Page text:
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  TAGS:  Air Gallet   Gazelle   Banpresto   arcade   1990s games  
Video 7
Notes

Sep 09,
2014
Posted 1 week ago

I know what this looks like, and I agree, it’s weird to be reviewing a city-building simulation arcade game. Or rather, that would be weird if I was. But these background images are actually from Air Attack, a 1996 shoot-em-up from Comad. Par for the course from Comad (whose titles are almost exclusively either bland shoot-em-ups like S.S. Mission, or watered-down puzzlers and other arcade titles whose main attraction is naked women as a reward.

Air Attack is squarely in the former category, an almost completely forgettable entry into the shoot-em-up genre. Its gameplay is drab and the only thing more repetitive than the soundtrack is the enemy design. Even now, only a short period after playing it, I can’t remember any of the bosses or most of the stages. But there is one aspect that sticks out: the background for the first stage, a landscape that looks more like an organic city than the nebulous space sectors, vague cloudy skies and generic sci-fi style backdrops that plague the rest of the game. The first stage, however, boasts a background that’s a 4096-pixel strip of great-looking cityscape. How did Comad manage this level of quality? They stole it, of course.

The cool buildings and objects within that first stage were all lifted from other sources, most being from SimCity 2000, which was released just two years earlier in 1994. Can’t see the the resemblance? Check out this SimCity 2000 picture featuring a stadium:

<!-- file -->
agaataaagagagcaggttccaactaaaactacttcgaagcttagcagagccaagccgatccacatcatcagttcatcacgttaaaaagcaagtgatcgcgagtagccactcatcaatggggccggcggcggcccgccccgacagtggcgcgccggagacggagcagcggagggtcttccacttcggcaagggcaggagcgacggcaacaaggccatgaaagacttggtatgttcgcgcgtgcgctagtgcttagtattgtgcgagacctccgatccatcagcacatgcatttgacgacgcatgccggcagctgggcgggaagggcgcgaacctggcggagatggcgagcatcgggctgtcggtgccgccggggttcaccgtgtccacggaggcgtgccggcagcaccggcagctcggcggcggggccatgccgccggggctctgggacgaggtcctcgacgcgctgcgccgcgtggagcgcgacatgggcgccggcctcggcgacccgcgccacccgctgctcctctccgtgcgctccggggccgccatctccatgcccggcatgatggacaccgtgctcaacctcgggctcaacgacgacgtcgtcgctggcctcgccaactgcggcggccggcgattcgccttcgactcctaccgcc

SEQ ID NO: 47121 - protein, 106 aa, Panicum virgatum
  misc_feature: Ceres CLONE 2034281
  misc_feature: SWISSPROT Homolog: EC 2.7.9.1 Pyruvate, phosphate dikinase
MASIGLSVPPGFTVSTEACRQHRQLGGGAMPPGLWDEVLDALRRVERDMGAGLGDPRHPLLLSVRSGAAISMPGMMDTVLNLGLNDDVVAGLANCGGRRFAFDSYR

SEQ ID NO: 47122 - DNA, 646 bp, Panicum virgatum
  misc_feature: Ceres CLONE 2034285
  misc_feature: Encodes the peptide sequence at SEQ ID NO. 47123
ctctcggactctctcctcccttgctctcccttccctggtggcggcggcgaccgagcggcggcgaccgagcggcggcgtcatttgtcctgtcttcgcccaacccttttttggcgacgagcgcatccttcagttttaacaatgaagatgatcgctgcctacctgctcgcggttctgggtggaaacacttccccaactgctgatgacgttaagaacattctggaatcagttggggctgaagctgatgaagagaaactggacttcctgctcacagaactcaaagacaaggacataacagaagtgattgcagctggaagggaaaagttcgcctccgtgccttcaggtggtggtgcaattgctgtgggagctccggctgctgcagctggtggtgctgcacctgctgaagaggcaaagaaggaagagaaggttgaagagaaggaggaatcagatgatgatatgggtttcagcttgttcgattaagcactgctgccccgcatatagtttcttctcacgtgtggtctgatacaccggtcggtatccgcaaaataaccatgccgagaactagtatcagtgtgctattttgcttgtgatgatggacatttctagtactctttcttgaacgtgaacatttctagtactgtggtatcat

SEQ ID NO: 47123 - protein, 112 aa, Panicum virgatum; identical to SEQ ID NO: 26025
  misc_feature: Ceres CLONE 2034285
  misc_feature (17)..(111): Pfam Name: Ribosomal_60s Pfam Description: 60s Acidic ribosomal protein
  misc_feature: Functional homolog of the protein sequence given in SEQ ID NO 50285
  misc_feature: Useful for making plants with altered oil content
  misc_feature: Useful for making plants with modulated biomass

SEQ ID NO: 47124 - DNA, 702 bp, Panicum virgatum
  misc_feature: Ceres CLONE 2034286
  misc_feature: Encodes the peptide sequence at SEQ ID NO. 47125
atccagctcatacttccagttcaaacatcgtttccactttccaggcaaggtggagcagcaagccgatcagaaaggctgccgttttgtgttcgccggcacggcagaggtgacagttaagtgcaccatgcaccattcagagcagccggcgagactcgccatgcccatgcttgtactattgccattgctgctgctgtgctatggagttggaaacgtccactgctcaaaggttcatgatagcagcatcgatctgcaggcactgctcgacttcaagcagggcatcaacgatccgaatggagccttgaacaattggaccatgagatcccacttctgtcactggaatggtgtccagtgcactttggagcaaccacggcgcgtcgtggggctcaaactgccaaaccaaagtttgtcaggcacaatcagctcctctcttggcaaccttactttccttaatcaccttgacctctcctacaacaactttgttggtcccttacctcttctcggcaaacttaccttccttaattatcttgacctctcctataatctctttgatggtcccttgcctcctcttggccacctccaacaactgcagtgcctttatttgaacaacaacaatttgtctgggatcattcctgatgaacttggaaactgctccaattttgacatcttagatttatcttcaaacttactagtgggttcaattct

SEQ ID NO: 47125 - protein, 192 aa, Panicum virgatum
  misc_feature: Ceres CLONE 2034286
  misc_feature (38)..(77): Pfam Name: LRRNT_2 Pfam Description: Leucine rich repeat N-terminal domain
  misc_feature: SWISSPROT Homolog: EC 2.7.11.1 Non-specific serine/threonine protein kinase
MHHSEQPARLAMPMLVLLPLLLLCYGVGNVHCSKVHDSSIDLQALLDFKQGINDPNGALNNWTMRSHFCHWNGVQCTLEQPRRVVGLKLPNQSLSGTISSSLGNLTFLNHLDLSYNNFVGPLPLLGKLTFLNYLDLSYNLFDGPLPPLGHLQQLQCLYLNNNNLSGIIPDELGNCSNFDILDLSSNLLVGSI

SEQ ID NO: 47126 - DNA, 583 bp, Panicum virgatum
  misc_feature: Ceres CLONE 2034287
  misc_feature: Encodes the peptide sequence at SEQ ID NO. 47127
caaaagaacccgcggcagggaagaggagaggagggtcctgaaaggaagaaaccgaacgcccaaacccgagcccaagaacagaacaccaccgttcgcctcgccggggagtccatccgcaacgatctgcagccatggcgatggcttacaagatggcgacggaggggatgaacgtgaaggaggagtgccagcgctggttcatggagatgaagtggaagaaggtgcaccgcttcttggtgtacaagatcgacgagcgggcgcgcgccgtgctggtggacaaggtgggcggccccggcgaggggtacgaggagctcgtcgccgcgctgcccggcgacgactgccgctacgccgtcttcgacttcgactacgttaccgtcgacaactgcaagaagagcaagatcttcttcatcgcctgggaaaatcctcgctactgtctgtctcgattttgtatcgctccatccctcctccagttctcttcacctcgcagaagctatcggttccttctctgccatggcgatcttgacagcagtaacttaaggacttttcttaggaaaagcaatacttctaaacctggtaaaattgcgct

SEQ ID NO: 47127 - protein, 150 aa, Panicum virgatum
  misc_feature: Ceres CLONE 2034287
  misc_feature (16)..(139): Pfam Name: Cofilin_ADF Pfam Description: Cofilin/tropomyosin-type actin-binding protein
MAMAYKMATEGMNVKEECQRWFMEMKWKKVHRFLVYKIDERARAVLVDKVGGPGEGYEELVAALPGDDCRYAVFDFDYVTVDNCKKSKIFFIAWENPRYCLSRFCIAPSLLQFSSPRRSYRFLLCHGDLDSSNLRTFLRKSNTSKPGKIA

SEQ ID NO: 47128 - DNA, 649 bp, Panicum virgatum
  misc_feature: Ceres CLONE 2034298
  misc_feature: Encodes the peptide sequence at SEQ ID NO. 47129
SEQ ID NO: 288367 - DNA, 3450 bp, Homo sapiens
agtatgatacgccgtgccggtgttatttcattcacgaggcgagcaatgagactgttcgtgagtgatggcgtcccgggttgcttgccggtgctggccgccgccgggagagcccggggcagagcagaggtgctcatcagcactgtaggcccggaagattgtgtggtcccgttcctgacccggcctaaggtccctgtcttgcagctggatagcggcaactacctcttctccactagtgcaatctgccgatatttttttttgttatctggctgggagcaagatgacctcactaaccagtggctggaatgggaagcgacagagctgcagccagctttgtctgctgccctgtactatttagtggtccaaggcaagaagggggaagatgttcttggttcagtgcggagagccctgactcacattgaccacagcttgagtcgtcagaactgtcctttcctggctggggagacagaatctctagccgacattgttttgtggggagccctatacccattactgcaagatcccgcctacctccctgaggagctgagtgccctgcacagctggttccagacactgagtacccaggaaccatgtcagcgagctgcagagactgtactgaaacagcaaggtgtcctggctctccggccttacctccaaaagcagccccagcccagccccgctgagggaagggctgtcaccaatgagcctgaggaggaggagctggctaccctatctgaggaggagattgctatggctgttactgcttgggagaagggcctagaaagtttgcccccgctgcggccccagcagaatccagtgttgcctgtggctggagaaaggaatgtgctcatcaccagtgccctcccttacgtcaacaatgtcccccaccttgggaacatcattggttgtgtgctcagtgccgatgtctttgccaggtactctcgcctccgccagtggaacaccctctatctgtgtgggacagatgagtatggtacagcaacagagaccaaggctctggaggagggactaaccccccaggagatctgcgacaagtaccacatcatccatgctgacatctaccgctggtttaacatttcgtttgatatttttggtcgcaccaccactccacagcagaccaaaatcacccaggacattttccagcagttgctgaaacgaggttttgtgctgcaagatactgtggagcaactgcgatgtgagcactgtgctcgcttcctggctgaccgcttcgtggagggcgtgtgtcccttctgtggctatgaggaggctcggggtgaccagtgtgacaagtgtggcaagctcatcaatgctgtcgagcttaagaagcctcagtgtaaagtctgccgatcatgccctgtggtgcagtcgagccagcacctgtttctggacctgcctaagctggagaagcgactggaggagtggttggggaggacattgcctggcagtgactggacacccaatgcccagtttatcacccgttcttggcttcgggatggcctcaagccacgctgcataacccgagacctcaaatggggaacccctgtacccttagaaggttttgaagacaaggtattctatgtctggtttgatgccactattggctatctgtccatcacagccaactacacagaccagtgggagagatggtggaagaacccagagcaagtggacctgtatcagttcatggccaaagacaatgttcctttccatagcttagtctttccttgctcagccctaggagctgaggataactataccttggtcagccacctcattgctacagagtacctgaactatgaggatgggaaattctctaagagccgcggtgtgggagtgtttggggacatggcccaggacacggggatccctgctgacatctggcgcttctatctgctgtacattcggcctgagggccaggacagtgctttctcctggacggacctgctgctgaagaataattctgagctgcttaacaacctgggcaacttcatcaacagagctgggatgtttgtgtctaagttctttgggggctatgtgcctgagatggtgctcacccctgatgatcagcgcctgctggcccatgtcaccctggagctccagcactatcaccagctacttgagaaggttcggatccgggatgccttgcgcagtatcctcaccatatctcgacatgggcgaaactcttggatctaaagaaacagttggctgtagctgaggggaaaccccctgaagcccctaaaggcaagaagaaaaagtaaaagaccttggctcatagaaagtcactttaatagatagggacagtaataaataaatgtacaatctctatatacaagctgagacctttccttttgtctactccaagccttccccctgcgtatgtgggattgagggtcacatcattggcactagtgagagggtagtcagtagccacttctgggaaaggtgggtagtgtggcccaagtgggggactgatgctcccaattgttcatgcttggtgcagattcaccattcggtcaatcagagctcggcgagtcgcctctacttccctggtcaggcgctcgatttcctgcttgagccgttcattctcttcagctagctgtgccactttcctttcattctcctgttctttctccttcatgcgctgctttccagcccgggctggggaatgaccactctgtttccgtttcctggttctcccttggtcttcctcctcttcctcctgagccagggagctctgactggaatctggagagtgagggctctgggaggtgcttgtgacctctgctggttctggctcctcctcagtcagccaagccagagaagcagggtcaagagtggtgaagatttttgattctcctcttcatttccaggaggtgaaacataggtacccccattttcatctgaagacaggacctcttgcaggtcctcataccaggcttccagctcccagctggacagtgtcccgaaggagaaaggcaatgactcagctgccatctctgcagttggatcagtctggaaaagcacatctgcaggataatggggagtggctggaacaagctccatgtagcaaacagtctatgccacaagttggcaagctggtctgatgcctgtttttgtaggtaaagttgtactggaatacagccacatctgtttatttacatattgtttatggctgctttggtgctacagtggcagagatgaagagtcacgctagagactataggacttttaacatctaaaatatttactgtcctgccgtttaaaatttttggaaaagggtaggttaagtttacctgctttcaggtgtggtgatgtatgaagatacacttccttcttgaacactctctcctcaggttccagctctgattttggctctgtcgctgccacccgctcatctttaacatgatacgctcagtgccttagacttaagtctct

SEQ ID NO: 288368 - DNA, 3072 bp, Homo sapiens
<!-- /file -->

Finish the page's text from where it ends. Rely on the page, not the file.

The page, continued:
Once you’ve seen it, you quickly realize that simple palette-swapping accounts for most of the terrain in that first level. They even left the gridlines in for empty land! A little bit of searching online informed me that much of the rest of the game was also lifted, with classic DOS shoot-em-up Tyrian 2000 being a particular victim.

Air Attack isn’t just one of the many unauthorized bootlegs that have occurred in arcade gaming, or a graphics and sound reworking like the insane Ninja Gaiden hack, Dragon Bowl. It’s something entirely different—some sort of Frankensteinian creation that comes out to be far less than the sum of its parts. If only they’d used these powers for good and perhaps taken the buildings from King of the Monsters and King of the Monsters 2 and created the ultimate city-building arcade game or something…

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  TAGS:  Air Attack   Comad   arcade   1990s games   Art in Video Games  
Text 6
Notes

Sep 09,
2014
Posted 1 week ago

It’s my wife’s birthday today, which is something you likely didn’t know unless you already follow her over at keyofnik. So, if you have the time and inclination today, feel free to drop a note or message to my favorite co-op gamer (not to mention love of my life) and wish her a happy birthday.